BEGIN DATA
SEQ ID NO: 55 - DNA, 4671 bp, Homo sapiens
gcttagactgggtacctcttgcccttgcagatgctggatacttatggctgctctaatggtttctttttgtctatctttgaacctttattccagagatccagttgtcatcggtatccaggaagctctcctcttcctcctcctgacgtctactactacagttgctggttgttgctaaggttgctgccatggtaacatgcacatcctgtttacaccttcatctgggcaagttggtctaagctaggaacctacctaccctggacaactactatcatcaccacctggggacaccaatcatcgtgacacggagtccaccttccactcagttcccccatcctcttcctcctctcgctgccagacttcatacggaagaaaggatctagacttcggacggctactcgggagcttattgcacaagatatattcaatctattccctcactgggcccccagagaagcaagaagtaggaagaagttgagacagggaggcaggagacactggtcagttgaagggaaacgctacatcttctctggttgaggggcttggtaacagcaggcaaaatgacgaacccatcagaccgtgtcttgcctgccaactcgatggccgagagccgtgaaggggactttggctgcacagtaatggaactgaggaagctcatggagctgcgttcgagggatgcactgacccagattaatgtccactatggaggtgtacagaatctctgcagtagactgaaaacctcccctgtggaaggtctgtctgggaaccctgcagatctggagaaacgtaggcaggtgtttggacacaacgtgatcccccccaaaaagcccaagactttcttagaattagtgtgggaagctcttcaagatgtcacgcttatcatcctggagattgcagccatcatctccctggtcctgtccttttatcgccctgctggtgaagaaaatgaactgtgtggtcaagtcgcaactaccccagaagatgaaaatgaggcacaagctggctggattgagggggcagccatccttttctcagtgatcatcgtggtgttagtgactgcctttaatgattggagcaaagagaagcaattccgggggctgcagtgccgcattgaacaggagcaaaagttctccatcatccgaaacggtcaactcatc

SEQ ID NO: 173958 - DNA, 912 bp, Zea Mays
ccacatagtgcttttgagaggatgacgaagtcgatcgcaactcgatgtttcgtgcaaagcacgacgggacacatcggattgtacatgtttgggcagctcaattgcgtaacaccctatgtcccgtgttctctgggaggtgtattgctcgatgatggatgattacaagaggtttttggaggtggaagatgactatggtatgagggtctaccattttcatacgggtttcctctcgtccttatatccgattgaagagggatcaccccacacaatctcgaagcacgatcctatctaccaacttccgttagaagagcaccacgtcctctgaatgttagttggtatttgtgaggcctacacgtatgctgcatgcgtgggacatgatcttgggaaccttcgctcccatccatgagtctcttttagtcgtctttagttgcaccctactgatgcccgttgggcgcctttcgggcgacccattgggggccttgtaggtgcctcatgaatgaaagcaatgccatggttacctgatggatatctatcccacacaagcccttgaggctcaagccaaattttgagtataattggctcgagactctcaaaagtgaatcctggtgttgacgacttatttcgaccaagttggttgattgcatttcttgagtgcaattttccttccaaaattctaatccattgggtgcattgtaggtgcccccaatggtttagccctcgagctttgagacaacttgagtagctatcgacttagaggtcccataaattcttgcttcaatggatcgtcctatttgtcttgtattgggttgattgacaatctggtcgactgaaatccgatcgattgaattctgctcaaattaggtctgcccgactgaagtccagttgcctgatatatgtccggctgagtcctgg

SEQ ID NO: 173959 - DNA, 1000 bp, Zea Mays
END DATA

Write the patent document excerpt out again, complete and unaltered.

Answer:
SEQ ID NO: 55 - DNA, 4671 bp, Homo sapiens
gcttagactgggtacctcttgcccttgcagatgctggatacttatggctgctctaatggtttctttttgtctatctttgaacctttattccagagatccagttgtcatcggtatccaggaagctctcctcttcctcctcctgacgtctactactacagttgctggttgttgctaaggttgctgccatggtaacatgcacatcctgtttacaccttcatctgggcaagttggtctaagctaggaacctacctaccctggacaactactatcatcaccacctggggacaccaatcatcgtgacacggagtccaccttccactcagttcccccatcctcttcctcctctcgctgccagacttcatacggaagaaaggatctagacttcggacggctactcgggagcttattgcacaagatatattcaatctattccctcactgggcccccagagaagcaagaagtaggaagaagttgagacagggaggcaggagacactggtcagttgaagggaaacgctacatcttctctggttgaggggcttggtaacagcaggcaaaatgacgaacccatcagaccgtgtcttgcctgccaactcgatggccgagagccgtgaaggggactttggctgcacagtaatggaactgaggaagctcatggagctgcgttcgagggatgcactgacccagattaatgtccactatggaggtgtacagaatctctgcagtagactgaaaacctcccctgtggaaggtctgtctgggaaccctgcagatctggagaaacgtaggcaggtgtttggacacaacgtgatcccccccaaaaagcccaagactttcttagaattagtgtgggaagctcttcaagatgtcacgcttatcatcctggagattgcagccatcatctccctggtcctgtccttttatcgccctgctggtgaagaaaatgaactgtgtggtcaagtcgcaactaccccagaagatgaaaatgaggcacaagctggctggattgagggggcagccatccttttctcagtgatcatcgtggtgttagtgactgcctttaatgattggagcaaagagaagcaattccgggggctgcagtgccgcattgaacaggagcaaaagttctccatcatccgaaacggtcaactcatc

SEQ ID NO: 173958 - DNA, 912 bp, Zea Mays
ccacatagtgcttttgagaggatgacgaagtcgatcgcaactcgatgtttcgtgcaaagcacgacgggacacatcggattgtacatgtttgggcagctcaattgcgtaacaccctatgtcccgtgttctctgggaggtgtattgctcgatgatggatgattacaagaggtttttggaggtggaagatgactatggtatgagggtctaccattttcatacgggtttcctctcgtccttatatccgattgaagagggatcaccccacacaatctcgaagcacgatcctatctaccaacttccgttagaagagcaccacgtcctctgaatgttagttggtatttgtgaggcctacacgtatgctgcatgcgtgggacatgatcttgggaaccttcgctcccatccatgagtctcttttagtcgtctttagttgcaccctactgatgcccgttgggcgcctttcgggcgacccattgggggccttgtaggtgcctcatgaatgaaagcaatgccatggttacctgatggatatctatcccacacaagcccttgaggctcaagccaaattttgagtataattggctcgagactctcaaaagtgaatcctggtgttgacgacttatttcgaccaagttggttgattgcatttcttgagtgcaattttccttccaaaattctaatccattgggtgcattgtaggtgcccccaatggtttagccctcgagctttgagacaacttgagtagctatcgacttagaggtcccataaattcttgcttcaatggatcgtcctatttgtcttgtattgggttgattgacaatctggtcgactgaaatccgatcgattgaattctgctcaaattaggtctgcccgactgaagtccagttgcctgatatatgtccggctgagtcctgg

SEQ ID NO: 173959 - DNA, 1000 bp, Zea Mays